Activity 8.5b Part Drawings (Arbor Press)
Activity 8.4b Part Drawings (Arbor
Take a good look around you and notice all of the consumer products that you
interact with on a daily basis. A quick visual analysis will tell you that the number of
components in many of these designs is quite large. For example, imagine the
number of detail drawings that must be involved with the creation and manufacture
of all the components in an automobile. Each of the components in the consumer
products that you interact with were designed, and it is reasonable to assume that
each has some sort of technical drawing somewhere on record.
One aspect of product documentation is the creation of detail drawings. Parts do not
appear out of thin air; they must be manufactured. Manufacturers need drawings to
make parts. Therefore, documentation is a necessary component of an engineering
design process. When compared to the centuries-old practice of technical board
drafting, computer aided design (CAD) programs make the creation of technical
drawings considerably easier and more efficient.
In this activity you will apply your knowledge of technical drawing and dimensioning
standards by creating detail CAD drawings of your Arbor Press components. Each
drawing must fit within a standard A-Size drawing sheet. Use the title block that is
typical in your classroom.
1. Place the Column component into the assembly. This component will be
grounded and therefore locked in space. Place the other 16 components into the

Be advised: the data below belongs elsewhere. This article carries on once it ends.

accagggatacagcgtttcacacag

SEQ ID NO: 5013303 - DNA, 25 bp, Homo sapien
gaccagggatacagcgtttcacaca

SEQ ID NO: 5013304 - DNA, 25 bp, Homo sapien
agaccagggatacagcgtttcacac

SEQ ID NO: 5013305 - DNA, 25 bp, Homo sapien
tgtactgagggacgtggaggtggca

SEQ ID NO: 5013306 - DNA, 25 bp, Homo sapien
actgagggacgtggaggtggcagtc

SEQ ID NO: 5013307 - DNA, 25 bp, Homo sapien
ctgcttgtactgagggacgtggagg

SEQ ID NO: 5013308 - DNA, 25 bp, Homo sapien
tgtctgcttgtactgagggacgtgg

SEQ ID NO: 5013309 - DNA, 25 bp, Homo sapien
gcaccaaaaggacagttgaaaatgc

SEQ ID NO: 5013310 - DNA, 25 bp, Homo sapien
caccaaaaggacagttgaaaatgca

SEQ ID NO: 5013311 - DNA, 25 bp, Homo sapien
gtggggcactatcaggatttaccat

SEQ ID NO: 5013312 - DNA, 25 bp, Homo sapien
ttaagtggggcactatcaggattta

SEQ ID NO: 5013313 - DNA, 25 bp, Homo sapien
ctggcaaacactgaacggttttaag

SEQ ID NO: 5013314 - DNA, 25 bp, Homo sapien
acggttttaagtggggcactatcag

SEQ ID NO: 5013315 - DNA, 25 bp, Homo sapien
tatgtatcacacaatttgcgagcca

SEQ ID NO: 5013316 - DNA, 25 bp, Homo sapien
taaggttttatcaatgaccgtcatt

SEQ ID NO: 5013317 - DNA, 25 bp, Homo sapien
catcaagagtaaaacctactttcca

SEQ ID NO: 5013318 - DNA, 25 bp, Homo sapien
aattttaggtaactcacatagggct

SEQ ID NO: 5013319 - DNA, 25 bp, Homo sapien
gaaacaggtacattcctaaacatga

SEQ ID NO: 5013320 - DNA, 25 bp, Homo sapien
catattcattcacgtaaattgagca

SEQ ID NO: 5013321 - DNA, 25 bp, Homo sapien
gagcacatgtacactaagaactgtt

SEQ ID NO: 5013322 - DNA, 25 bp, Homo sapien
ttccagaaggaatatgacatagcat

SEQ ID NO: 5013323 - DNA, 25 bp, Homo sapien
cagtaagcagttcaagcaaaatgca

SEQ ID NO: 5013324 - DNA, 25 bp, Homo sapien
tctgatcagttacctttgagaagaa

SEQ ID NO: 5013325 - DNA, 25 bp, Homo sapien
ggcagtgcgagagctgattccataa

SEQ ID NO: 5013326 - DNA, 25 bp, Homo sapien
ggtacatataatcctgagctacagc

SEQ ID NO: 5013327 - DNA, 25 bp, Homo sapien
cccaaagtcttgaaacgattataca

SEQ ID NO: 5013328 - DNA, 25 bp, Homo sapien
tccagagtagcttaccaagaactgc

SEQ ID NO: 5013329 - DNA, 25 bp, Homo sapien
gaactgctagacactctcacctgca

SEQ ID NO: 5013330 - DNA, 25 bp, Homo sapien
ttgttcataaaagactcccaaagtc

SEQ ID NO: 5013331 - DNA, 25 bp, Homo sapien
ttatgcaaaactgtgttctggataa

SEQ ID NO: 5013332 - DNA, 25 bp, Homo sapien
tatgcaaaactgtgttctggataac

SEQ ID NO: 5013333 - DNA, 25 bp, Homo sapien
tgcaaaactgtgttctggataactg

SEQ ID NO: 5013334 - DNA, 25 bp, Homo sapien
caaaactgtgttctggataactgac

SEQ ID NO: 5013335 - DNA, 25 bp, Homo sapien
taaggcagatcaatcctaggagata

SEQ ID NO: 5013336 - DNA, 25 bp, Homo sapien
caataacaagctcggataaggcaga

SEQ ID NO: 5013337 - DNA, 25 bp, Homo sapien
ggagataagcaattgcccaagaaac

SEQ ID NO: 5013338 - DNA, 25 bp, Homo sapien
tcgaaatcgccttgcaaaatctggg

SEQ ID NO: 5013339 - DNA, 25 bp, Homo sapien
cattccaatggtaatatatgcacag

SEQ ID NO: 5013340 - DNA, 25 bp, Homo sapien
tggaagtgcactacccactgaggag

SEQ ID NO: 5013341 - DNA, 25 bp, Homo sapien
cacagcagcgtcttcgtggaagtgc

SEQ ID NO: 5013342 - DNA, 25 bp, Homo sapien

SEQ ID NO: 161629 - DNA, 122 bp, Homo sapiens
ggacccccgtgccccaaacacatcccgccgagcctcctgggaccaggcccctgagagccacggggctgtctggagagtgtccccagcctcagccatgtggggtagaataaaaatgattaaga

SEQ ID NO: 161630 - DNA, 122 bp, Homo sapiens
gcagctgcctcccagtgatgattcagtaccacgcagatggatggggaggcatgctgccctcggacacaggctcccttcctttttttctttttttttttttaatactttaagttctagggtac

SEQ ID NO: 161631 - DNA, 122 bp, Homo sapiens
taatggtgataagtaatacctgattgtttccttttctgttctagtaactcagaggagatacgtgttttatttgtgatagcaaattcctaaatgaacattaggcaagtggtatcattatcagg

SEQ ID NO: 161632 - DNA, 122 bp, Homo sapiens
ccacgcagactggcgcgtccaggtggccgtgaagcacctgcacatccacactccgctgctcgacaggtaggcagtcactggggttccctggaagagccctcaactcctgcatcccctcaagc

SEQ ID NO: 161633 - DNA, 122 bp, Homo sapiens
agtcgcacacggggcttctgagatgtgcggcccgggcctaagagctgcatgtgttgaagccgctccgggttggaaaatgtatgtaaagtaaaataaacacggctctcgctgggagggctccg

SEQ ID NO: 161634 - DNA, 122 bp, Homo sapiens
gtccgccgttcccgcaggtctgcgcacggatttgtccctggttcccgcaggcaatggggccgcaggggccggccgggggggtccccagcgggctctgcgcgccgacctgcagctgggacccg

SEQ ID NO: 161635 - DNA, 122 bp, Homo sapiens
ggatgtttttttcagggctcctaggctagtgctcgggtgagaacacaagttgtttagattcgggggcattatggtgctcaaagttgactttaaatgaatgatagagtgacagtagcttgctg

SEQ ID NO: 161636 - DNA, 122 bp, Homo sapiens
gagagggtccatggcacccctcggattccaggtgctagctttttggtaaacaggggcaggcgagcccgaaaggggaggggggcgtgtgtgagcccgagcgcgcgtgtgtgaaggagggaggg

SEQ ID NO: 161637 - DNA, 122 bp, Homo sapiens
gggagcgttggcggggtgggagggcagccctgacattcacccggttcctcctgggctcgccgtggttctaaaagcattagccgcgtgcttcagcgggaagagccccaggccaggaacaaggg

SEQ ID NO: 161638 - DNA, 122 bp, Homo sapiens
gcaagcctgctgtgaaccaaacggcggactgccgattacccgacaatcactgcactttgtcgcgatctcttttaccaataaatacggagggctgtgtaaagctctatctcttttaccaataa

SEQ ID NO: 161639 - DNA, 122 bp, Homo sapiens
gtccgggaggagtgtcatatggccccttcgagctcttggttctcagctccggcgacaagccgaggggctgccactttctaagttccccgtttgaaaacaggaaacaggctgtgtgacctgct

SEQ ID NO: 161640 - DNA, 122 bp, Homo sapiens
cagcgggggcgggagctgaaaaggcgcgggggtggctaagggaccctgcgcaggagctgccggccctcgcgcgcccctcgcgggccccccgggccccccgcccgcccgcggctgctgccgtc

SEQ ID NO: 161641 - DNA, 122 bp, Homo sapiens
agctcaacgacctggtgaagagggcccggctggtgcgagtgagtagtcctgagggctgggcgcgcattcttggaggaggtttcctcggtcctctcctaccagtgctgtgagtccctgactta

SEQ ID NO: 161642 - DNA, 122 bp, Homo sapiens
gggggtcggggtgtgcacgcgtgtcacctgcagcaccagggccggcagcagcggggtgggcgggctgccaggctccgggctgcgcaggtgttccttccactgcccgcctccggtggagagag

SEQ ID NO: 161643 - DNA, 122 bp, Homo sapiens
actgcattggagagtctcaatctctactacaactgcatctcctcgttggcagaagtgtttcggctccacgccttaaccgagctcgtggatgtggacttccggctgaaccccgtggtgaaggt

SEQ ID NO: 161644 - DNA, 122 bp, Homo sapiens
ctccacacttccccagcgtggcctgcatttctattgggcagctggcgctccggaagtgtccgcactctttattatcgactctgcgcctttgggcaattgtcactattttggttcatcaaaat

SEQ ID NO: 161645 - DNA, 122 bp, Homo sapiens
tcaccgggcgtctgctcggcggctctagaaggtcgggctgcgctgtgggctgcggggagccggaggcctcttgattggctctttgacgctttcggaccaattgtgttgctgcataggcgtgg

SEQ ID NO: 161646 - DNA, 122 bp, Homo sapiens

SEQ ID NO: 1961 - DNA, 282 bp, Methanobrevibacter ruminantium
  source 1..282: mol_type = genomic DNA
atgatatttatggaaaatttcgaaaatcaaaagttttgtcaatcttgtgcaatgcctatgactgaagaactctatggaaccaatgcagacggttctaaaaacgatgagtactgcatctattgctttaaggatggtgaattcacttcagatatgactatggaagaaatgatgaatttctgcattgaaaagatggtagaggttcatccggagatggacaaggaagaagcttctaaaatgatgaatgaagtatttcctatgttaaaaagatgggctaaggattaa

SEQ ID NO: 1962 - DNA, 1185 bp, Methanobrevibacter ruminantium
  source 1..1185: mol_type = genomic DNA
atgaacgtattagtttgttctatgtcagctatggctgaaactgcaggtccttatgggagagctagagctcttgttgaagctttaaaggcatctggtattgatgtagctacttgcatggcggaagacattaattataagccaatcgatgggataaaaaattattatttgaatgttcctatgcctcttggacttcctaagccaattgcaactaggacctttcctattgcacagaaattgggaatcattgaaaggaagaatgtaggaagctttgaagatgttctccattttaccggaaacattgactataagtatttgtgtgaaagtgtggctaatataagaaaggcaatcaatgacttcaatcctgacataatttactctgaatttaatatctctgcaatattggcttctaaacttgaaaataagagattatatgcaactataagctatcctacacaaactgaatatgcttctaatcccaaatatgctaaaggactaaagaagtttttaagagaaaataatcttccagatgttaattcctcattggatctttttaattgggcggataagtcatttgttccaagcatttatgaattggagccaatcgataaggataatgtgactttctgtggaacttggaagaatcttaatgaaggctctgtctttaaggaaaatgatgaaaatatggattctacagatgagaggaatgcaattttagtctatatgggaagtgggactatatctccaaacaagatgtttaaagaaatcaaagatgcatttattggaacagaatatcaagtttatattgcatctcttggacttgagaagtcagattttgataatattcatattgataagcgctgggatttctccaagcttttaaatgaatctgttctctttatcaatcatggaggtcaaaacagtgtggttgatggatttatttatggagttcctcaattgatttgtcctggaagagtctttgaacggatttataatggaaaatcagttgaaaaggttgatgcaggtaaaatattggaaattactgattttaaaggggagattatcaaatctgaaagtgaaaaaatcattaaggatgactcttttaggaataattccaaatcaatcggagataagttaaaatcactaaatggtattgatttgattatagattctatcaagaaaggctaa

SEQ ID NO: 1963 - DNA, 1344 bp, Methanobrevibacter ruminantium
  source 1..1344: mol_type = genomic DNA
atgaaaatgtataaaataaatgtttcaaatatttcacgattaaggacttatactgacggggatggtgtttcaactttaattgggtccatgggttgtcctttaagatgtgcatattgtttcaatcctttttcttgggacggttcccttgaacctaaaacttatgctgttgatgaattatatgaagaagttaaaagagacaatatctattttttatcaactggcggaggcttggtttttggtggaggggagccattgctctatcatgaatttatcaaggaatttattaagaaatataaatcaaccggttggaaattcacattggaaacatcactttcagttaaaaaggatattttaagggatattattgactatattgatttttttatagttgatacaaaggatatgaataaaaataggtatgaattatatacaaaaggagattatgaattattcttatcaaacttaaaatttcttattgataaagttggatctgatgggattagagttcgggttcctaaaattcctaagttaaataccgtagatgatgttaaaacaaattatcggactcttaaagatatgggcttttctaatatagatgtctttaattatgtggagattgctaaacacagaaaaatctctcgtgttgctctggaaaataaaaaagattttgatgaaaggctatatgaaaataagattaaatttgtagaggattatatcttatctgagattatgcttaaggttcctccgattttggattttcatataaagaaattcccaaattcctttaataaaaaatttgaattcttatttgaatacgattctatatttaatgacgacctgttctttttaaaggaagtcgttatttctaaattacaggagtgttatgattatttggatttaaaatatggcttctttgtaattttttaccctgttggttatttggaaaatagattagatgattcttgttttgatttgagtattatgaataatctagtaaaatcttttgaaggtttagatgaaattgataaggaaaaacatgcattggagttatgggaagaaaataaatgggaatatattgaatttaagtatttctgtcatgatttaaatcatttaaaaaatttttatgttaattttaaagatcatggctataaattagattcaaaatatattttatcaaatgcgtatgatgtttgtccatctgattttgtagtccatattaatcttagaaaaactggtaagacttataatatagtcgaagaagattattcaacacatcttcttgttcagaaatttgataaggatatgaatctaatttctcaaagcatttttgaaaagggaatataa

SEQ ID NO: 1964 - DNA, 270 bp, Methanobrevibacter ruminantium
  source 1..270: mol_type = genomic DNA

assembly. This will include Part_12a and Part_12b which are the pneumatic
Rotary Actuator and the Rotary Actuator Shaft, respectively. These components
are separate for the purpose of assembly animation, which will be done in a
subsequent activity. Use the parts list below to check off the components as you
add them to the assembly.
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Cover Plate Screw
Punch Holder Screw
8-32 UNC x .50 cap screw
3/8-16 UNC x 1.00 cap screw
8-32 UNC x 1.25 flat
countersunk head cap screw
8-32 UNC x 1.25 cap screw
ground to 1.1 length
Woodruff Key # 202.5
2. Use assembly constraints to model the Arbor Press components. Perform
interference analyses on the components to determine if unnecessary overlaps
occur. Save the assembly file when complete.
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3. Components that require section or auxiliary views must have the views within
their CAD drawings. You will also provide an exploded view of your assembly
with balloons and a parts list on a drawing sheet. Unmodified off-the-shelf
components, such as the 3/8-16 UNC x 1.00 cap screw (Part #9), do not require
dimensioned drawings. Only modified off-the-shelf components require technical
drawings. Such drawings will include only the dimensions required to perform the
4. Assist classmates by exchanging your CAD drawing printouts and checking the
drawings for errors. Place a revision block on each drawing to track changes
made before drawings are submitted for final evaluation.
1. Under what circumstances would it be advantageous to pattern a component?
2. What is an offset and how is it used?
3. What is the difference between a mate and flush constraint?
4. What constraint would you use to place a pin inside a hole?
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5. What is a subassembly?
6. What advantages does CAD have over technical sketching?
7. If dimensional information can be retrieved from CAD part models, then why do
engineers create detail drawings of parts?
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